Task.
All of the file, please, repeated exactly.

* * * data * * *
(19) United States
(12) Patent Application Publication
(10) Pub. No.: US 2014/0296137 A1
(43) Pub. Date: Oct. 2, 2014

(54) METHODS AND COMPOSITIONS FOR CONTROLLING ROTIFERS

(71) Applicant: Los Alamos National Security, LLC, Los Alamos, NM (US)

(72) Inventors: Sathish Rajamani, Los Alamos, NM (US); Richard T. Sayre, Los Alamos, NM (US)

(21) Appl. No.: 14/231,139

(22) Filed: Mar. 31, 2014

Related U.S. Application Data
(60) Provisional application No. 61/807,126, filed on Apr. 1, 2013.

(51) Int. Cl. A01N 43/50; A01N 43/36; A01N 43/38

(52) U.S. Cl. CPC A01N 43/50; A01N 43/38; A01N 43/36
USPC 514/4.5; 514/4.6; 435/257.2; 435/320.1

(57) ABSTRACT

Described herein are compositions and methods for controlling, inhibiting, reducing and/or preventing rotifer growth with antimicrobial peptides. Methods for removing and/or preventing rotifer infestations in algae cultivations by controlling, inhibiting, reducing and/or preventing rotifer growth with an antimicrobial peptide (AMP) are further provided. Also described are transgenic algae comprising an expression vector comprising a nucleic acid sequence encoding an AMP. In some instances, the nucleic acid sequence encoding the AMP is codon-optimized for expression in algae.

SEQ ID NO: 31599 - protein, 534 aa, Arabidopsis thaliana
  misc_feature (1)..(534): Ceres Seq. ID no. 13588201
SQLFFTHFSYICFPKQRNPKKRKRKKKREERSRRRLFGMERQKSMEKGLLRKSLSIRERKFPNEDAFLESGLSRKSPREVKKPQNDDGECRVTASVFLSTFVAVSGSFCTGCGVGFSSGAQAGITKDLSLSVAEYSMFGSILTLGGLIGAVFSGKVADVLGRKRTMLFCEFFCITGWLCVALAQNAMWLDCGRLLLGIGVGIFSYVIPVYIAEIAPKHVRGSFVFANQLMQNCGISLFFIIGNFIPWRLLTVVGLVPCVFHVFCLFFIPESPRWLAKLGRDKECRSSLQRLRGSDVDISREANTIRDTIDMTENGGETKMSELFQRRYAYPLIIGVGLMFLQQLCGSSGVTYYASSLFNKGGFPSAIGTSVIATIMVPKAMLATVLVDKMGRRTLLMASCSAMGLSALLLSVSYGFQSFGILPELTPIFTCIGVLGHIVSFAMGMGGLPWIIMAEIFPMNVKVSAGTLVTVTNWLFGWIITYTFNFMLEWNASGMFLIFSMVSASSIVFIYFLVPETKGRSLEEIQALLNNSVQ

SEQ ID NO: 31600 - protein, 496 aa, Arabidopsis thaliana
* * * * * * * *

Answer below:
(19) United States
(12) Patent Application Publication
(10) Pub. No.: US 2014/0296137 A1
(43) Pub. Date: Oct. 2, 2014

(54) METHODS AND COMPOSITIONS FOR CONTROLLING ROTIFERS

(71) Applicant: Los Alamos National Security, LLC, Los Alamos, NM (US)

(72) Inventors: Sathish Rajamani, Los Alamos, NM (US); Richard T. Sayre, Los Alamos, NM (US)

(21) Appl. No.: 14/231,139

(22) Filed: Mar. 31, 2014

Related U.S. Application Data
(60) Provisional application No. 61/807,126, filed on Apr. 1, 2013.

(51) Int. Cl. A01N 43/50; A01N 43/36; A01N 43/38

(52) U.S. Cl. CPC A01N 43/50; A01N 43/38; A01N 43/36
USPC 514/4.5; 514/4.6; 435/257.2; 435/320.1

(57) ABSTRACT

Described herein are compositions and methods for controlling, inhibiting, reducing and/or preventing rotifer growth with antimicrobial peptides. Methods for removing and/or preventing rotifer infestations in algae cultivations by controlling, inhibiting, reducing and/or preventing rotifer growth with an antimicrobial peptide (AMP) are further provided. Also described are transgenic algae comprising an expression vector comprising a nucleic acid sequence encoding an AMP. In some instances, the nucleic acid sequence encoding the AMP is codon-optimized for expression in algae.

SEQ ID NO: 31599 - protein, 534 aa, Arabidopsis thaliana
  misc_feature (1)..(534): Ceres Seq. ID no. 13588201
SQLFFTHFSYICFPKQRNPKKRKRKKKREERSRRRLFGMERQKSMEKGLLRKSLSIRERKFPNEDAFLESGLSRKSPREVKKPQNDDGECRVTASVFLSTFVAVSGSFCTGCGVGFSSGAQAGITKDLSLSVAEYSMFGSILTLGGLIGAVFSGKVADVLGRKRTMLFCEFFCITGWLCVALAQNAMWLDCGRLLLGIGVGIFSYVIPVYIAEIAPKHVRGSFVFANQLMQNCGISLFFIIGNFIPWRLLTVVGLVPCVFHVFCLFFIPESPRWLAKLGRDKECRSSLQRLRGSDVDISREANTIRDTIDMTENGGETKMSELFQRRYAYPLIIGVGLMFLQQLCGSSGVTYYASSLFNKGGFPSAIGTSVIATIMVPKAMLATVLVDKMGRRTLLMASCSAMGLSALLLSVSYGFQSFGILPELTPIFTCIGVLGHIVSFAMGMGGLPWIIMAEIFPMNVKVSAGTLVTVTNWLFGWIITYTFNFMLEWNASGMFLIFSMVSASSIVFIYFLVPETKGRSLEEIQALLNNSVQ

SEQ ID NO: 31600 - protein, 496 aa, Arabidopsis thaliana